Compared to the Nikon Coolpix P900 that we discussed above, this one is a much bigger sensor, and that means better low light performance, especially when shooting at twilight and or during the blue hour.
Sony uses a slightly different type of image stabilization system than Nikon or Canon. This system moves the sensor. Also known as sensor-shift because of this, the image stabilization system on the Sony Alpha a6500 runs 5-ways to stabilize a shot.
One of the unique features of the camera is its continuous shooting speed. it can shoot at a maximum of 11 fps.
Video mode on the Sony Alpha a6500 is a joy! It shoots at 3840x 2160 (UHD) at a maximum of 30 fps. At a ‘scaled down’ full HD version the Sony Alpha a6500 can shoot at a phenomenal 120 fps.
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Imagine the slow motion effect you could achieve with this. Breathtaking vacation videos at super slow motion when you play back the video in normal 30 or even the cinematic 24 fps on your large 4K screen. A built-in mic records crisp sound. The Sony a6500 can record up to 29mins 59 seconds in a single file.
The other features of the camera include a robust 4D FOCUS system with a 425 phase detection points. It also got built-in Wi-Fi and NFC connectivity. Plus, there is a hot-shoe for mounting an external flash or accessory.
The only disadvantage compared to something like the Nikon Coolpix P900 is that you will need to buy a lens separately before you can use it. That pushes the overall price of the camera a bit high. But image quality is much better compared to the Nikon Coolpix P900. This is a solid candidate for the title of the best camera for cruising.
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- 20.1 MP Exmor APS-C sensor for great images
- Mirror less DSLR - Compact Interchangeable Lens camera system
- Quick Wi-Fi connectivity to smartphones via NFC
- Model: ILCE5000L/B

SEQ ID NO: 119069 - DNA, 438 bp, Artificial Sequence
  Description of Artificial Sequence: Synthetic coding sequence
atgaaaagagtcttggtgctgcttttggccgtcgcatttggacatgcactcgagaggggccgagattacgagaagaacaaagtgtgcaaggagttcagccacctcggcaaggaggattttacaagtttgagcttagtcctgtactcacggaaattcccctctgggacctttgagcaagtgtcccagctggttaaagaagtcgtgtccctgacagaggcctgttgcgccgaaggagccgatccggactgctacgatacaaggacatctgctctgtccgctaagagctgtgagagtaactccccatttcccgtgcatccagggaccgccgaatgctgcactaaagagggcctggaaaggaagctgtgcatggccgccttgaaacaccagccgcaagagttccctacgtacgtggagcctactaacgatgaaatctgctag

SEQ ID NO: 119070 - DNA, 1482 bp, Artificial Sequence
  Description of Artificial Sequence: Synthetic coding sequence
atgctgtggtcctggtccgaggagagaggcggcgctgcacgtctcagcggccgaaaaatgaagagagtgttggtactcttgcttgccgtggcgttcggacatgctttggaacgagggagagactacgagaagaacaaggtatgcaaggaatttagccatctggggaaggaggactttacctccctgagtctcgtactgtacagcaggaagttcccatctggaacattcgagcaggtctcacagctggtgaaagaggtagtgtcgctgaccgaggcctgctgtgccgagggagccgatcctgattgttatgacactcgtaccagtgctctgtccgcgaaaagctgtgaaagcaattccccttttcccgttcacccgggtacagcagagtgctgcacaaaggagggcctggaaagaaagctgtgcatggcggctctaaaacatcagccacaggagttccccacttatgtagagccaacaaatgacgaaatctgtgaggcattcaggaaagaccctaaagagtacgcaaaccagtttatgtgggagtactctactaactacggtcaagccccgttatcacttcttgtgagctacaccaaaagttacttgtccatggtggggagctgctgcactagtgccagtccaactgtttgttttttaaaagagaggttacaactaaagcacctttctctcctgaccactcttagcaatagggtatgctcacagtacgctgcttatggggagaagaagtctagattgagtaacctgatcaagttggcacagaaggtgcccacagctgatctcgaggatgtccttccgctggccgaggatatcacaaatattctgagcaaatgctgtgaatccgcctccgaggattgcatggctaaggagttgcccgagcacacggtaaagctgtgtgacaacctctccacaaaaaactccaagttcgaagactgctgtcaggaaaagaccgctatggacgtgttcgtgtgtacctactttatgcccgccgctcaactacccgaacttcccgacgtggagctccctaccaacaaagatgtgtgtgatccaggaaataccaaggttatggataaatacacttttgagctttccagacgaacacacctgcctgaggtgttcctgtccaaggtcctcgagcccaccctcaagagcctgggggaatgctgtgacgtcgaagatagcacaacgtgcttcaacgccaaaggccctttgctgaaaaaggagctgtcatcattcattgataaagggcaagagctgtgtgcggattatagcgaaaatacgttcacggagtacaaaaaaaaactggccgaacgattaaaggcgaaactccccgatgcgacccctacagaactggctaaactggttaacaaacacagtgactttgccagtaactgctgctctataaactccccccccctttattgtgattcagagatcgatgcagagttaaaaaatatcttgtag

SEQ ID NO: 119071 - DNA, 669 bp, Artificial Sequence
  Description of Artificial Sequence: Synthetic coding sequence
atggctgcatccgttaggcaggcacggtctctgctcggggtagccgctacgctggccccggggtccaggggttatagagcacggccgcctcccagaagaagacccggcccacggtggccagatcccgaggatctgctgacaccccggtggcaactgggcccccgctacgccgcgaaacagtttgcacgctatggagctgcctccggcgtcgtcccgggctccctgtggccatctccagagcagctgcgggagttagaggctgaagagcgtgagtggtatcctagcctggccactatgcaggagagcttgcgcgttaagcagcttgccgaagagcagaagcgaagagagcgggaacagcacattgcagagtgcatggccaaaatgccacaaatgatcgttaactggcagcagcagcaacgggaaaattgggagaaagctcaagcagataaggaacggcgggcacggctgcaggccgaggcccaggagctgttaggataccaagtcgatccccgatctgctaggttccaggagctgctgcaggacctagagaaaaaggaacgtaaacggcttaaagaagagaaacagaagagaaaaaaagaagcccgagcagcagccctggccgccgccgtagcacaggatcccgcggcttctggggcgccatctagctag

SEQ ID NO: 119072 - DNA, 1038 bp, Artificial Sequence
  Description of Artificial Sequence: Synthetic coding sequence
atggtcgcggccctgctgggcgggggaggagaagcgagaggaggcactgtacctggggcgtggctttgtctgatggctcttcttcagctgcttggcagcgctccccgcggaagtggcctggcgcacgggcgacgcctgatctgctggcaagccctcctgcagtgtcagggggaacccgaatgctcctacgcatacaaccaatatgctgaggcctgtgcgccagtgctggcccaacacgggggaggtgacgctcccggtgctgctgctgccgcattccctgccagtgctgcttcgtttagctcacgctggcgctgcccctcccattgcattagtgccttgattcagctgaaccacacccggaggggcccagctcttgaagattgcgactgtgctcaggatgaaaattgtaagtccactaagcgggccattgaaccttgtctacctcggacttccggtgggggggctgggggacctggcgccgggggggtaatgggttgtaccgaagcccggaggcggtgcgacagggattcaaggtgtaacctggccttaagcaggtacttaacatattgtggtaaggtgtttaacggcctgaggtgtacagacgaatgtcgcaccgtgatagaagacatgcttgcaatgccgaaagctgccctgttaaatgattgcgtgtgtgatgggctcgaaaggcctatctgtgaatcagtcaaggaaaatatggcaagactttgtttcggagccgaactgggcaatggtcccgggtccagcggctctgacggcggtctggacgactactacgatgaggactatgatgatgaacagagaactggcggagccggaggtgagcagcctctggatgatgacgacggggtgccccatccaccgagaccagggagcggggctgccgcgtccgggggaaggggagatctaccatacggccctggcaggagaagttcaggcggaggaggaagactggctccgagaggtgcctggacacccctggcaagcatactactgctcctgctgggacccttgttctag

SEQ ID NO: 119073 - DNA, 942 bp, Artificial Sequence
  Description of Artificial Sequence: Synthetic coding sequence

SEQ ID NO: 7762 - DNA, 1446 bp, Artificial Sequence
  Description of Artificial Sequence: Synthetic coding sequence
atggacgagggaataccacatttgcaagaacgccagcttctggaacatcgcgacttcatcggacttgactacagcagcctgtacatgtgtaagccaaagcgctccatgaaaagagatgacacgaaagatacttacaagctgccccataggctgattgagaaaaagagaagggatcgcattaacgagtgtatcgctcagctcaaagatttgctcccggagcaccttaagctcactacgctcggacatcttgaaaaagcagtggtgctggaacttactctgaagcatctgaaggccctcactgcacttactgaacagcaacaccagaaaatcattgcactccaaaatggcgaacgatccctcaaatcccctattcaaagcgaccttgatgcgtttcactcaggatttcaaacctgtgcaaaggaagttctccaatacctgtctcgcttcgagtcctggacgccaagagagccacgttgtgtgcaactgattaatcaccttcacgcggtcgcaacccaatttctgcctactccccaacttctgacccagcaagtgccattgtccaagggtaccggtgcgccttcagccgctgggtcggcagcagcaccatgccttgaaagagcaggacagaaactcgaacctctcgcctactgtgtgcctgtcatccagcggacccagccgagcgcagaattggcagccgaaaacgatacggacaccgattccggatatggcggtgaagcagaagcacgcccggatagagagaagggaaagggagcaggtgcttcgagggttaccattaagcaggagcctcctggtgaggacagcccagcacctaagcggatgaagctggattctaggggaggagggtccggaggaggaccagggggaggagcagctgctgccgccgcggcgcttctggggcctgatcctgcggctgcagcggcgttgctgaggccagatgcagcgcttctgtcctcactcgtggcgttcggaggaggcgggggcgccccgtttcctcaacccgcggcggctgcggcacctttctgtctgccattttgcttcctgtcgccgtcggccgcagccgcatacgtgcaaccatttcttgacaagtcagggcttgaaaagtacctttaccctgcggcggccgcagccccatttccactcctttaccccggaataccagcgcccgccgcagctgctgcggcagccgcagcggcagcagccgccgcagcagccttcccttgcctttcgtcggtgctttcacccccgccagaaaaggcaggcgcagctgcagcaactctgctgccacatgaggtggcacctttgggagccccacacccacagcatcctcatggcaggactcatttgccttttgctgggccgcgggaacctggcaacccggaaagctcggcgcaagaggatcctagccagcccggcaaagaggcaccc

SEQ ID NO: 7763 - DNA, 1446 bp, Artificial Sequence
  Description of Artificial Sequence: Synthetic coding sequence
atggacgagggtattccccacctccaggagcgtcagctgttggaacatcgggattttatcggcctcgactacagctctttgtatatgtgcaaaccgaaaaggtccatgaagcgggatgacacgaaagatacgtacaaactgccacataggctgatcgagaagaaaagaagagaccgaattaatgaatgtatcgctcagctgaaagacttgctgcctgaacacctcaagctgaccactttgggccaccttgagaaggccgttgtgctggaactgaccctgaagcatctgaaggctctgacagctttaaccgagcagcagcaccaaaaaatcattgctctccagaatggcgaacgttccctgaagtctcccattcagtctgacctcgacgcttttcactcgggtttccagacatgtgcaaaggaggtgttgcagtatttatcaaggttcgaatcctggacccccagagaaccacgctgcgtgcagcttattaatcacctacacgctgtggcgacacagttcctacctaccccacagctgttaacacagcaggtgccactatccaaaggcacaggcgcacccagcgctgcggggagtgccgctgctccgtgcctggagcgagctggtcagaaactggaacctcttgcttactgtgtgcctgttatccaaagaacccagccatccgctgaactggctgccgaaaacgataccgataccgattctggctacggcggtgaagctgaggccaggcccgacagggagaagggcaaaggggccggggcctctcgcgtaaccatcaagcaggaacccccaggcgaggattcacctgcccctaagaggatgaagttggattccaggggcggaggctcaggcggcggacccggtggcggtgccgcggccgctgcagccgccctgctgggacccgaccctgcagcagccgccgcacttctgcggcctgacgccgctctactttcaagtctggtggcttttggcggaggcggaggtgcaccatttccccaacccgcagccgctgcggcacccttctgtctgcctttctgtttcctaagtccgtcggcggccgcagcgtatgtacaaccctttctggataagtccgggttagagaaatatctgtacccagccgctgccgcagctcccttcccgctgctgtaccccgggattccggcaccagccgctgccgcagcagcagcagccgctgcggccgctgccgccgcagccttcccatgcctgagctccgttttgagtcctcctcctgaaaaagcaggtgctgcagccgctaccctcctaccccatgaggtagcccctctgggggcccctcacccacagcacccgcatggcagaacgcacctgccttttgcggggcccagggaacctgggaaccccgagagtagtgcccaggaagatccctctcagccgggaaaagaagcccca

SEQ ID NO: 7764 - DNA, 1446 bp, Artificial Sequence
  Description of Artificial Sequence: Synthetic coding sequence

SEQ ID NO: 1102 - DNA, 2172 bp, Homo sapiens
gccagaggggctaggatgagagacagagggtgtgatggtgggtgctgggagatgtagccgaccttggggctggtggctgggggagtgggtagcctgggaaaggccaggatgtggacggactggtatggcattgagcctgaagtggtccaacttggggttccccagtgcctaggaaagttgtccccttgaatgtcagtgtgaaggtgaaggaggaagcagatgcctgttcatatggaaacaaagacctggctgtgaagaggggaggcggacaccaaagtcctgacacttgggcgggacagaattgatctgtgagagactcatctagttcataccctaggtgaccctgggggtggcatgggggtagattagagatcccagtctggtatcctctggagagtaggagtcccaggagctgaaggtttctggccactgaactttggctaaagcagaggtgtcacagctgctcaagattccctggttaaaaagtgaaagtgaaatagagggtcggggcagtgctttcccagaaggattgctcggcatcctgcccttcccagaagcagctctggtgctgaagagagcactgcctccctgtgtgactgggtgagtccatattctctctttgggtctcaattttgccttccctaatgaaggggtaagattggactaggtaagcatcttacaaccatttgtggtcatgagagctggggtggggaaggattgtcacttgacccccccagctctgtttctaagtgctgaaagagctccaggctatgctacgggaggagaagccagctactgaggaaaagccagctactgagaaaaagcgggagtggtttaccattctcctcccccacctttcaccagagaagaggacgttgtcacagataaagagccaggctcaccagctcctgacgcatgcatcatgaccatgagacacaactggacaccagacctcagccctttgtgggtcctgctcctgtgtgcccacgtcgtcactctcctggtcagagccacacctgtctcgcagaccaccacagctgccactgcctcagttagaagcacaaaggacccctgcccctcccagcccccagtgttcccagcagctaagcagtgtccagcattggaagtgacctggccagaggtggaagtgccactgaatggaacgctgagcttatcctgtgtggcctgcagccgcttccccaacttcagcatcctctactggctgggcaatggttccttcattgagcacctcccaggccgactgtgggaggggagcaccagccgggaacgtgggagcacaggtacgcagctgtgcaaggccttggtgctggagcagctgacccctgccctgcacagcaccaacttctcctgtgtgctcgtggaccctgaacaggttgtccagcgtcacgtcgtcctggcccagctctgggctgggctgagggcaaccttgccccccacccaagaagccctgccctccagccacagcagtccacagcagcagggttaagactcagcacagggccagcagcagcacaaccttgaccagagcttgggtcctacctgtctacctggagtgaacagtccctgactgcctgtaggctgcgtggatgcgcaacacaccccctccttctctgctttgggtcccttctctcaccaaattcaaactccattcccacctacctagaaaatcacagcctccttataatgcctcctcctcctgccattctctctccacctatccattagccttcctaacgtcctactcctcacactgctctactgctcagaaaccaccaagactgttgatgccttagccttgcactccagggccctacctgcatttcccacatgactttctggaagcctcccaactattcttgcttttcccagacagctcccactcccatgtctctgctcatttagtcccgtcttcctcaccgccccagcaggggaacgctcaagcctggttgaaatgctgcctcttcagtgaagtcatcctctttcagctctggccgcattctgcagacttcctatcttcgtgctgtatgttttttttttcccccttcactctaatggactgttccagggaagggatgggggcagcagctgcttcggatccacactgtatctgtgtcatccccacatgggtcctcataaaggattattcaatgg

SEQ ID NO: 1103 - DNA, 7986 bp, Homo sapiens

Built around a 20.1-megapixel EXMOR APS HD APS-C CMOS sensor, and powered by the BIONZ X image processor the Sony Alpha a5000 is a solid camera, a prime candidate to be crowned as the best camera for cruising. It is powered by a 20.1-megapixel EXMOR APS HD APS-C CMOS sensor. Image processing is handled by Sony’s BIONZ X image processing engine.
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The Alpha a5000 is a capable video shooter. It can capture full HD videos (1080i) at 60 fps. At a higher full HD 1080p, it can capture at a frame rate of 24 fps. Clip lengths are 29 mins max and you would be able to record stereo sound with the built-in stereo mic.
A 25-point contrast detection autofocusing mechanism is probably the one area that the Alpha a5000 loses out to some of the other illustrious entries on this list. But it’s not too bad when you understand the shortcomings of the focusing system and use it in a way to bypass the deficiencies.
Native ISO range of the Alpha a5000 is 100 – 16000. The back of the camera is dominated by a 3” rear LCD screen with a resolution of 460,800 dots. While that does not sound too much, what works in the a5000’s favor is that the screen tilts 180 ˚.
Thus, it is the ideal companion if you are looking to take memorable selfie shots on the cruise. Continuous shooting speed of the a5000 isn’t the best in the industry but it can hold its own when shooting cruise photos. The speed is 3.5 fps at full resolution for a maximum 15 frames.
For transferring your images and videos shot on the cruise you can use either the built-in wireless feature of your camera or connect your camera to your smartphone or tablet using NFC.
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- Built-in 5 axis image stabilization for sharper images
- 2.3 million dot OLED electronic viewfinder with 0.62X magnification
- Silent mode (disables all shutter sounds)
- 8.5 frames per second burst shooting
- Focusing points/Focusing points selection mode 81 area multiple AF (Contrast detection AF), 37 area multiple AF (Phase...
The Olympus OM-D E-M10 Mark II is a 16.1 megapixel (resolution) micro four thirds interchangeable lens camera. It is powered by a TruePic Vii image processor. It has the same features you would come to expect from a full-fledged DSLR camera but sans the weight that is normally associated with such cameras.
Though the Olympus OM-D E-M10 Mark II is a small camera, there is nothing that should discourage you to take this camera on board. An 81 point contrast detection system make up the auto-focusing system on the mirrorless camera.